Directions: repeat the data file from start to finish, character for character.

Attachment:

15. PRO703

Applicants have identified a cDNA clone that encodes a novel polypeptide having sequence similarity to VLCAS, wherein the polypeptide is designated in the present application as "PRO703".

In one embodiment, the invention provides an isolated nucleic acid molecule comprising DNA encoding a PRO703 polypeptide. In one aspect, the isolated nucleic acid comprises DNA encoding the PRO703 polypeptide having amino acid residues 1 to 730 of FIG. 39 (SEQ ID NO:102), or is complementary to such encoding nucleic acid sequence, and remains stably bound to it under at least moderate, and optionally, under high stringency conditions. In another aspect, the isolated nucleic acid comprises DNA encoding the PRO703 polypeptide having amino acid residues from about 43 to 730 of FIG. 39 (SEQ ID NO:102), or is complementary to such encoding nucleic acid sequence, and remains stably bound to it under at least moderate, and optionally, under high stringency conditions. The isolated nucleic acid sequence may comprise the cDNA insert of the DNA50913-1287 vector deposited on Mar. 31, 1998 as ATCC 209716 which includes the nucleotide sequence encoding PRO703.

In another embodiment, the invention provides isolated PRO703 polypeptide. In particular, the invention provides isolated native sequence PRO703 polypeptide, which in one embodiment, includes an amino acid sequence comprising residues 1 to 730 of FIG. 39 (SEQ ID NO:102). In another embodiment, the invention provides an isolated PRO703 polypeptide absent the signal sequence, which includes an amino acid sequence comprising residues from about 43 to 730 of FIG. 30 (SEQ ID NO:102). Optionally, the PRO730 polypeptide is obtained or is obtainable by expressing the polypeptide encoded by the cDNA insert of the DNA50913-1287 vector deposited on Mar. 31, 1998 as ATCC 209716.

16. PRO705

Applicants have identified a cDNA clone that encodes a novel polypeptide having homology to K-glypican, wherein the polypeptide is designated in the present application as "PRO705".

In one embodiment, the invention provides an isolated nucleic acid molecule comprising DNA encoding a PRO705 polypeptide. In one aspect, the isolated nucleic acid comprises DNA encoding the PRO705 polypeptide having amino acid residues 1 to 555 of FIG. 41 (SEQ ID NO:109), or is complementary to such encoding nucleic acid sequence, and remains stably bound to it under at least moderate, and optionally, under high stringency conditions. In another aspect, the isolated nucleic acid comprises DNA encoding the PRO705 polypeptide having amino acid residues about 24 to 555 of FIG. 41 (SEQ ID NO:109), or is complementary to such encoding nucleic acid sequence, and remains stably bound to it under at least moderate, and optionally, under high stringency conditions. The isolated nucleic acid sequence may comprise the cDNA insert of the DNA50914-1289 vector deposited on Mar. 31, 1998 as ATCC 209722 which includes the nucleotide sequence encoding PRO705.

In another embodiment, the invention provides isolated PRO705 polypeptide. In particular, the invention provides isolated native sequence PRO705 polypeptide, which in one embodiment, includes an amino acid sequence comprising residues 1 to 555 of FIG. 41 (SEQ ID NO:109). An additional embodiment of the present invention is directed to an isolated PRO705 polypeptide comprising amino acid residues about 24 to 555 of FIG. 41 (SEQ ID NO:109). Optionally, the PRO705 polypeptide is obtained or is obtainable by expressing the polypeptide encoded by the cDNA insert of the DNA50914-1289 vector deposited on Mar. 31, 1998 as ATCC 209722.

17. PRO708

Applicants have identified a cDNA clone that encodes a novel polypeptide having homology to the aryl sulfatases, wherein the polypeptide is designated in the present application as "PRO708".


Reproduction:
15. PRO703

Applicants have identified a cDNA clone that encodes a novel polypeptide having sequence similarity to VLCAS, wherein the polypeptide is designated in the present application as "PRO703".

In one embodiment, the invention provides an isolated nucleic acid molecule comprising DNA encoding a PRO703 polypeptide. In one aspect, the isolated nucleic acid comprises DNA encoding the PRO703 polypeptide having amino acid residues 1 to 730 of FIG. 39 (SEQ ID NO:102), or is complementary to such encoding nucleic acid sequence, and remains stably bound to it under at least moderate, and optionally, under high stringency conditions. In another aspect, the isolated nucleic acid comprises DNA encoding the PRO703 polypeptide having amino acid residues from about 43 to 730 of FIG. 39 (SEQ ID NO:102), or is complementary to such encoding nucleic acid sequence, and remains stably bound to it under at least moderate, and optionally, under high stringency conditions. The isolated nucleic acid sequence may comprise the cDNA insert of the DNA50913-1287 vector deposited on Mar. 31, 1998 as ATCC 209716 which includes the nucleotide sequence encoding PRO703.

In another embodiment, the invention provides isolated PRO703 polypeptide. In particular, the invention provides isolated native sequence PRO703 polypeptide, which in one embodiment, includes an amino acid sequence comprising residues 1 to 730 of FIG. 39 (SEQ ID NO:102). In another embodiment, the invention provides an isolated PRO703 polypeptide absent the signal sequence, which includes an amino acid sequence comprising residues from about 43 to 730 of FIG. 30 (SEQ ID NO:102). Optionally, the PRO730 polypeptide is obtained or is obtainable by expressing the polypeptide encoded by the cDNA insert of the DNA50913-1287 vector deposited on Mar. 31, 1998 as ATCC 209716.

16. PRO705

Applicants have identified a cDNA clone that encodes a novel polypeptide having homology to K-glypican, wherein the polypeptide is designated in the present application as "PRO705".

In one embodiment, the invention provides an isolated nucleic acid molecule comprising DNA encoding a PRO705 polypeptide. In one aspect, the isolated nucleic acid comprises DNA encoding the PRO705 polypeptide having amino acid residues 1 to 555 of FIG. 41 (SEQ ID NO:109), or is complementary to such encoding nucleic acid sequence, and remains stably bound to it under at least moderate, and optionally, under high stringency conditions. In another aspect, the isolated nucleic acid comprises DNA encoding the PRO705 polypeptide having amino acid residues about 24 to 555 of FIG. 41 (SEQ ID NO:109), or is complementary to such encoding nucleic acid sequence, and remains stably bound to it under at least moderate, and optionally, under high stringency conditions. The isolated nucleic acid sequence may comprise the cDNA insert of the DNA50914-1289 vector deposited on Mar. 31, 1998 as ATCC 209722 which includes the nucleotide sequence encoding PRO705.

In another embodiment, the invention provides isolated PRO705 polypeptide. In particular, the invention provides isolated native sequence PRO705 polypeptide, which in one embodiment, includes an amino acid sequence comprising residues 1 to 555 of FIG. 41 (SEQ ID NO:109). An additional embodiment of the present invention is directed to an isolated PRO705 polypeptide comprising amino acid residues about 24 to 555 of FIG. 41 (SEQ ID NO:109). Optionally, the PRO705 polypeptide is obtained or is obtainable by expressing the polypeptide encoded by the cDNA insert of the DNA50914-1289 vector deposited on Mar. 31, 1998 as ATCC 209722.

17. PRO708

Applicants have identified a cDNA clone that encodes a novel polypeptide having homology to the aryl sulfatases, wherein the polypeptide is designated in the present application as "PRO708".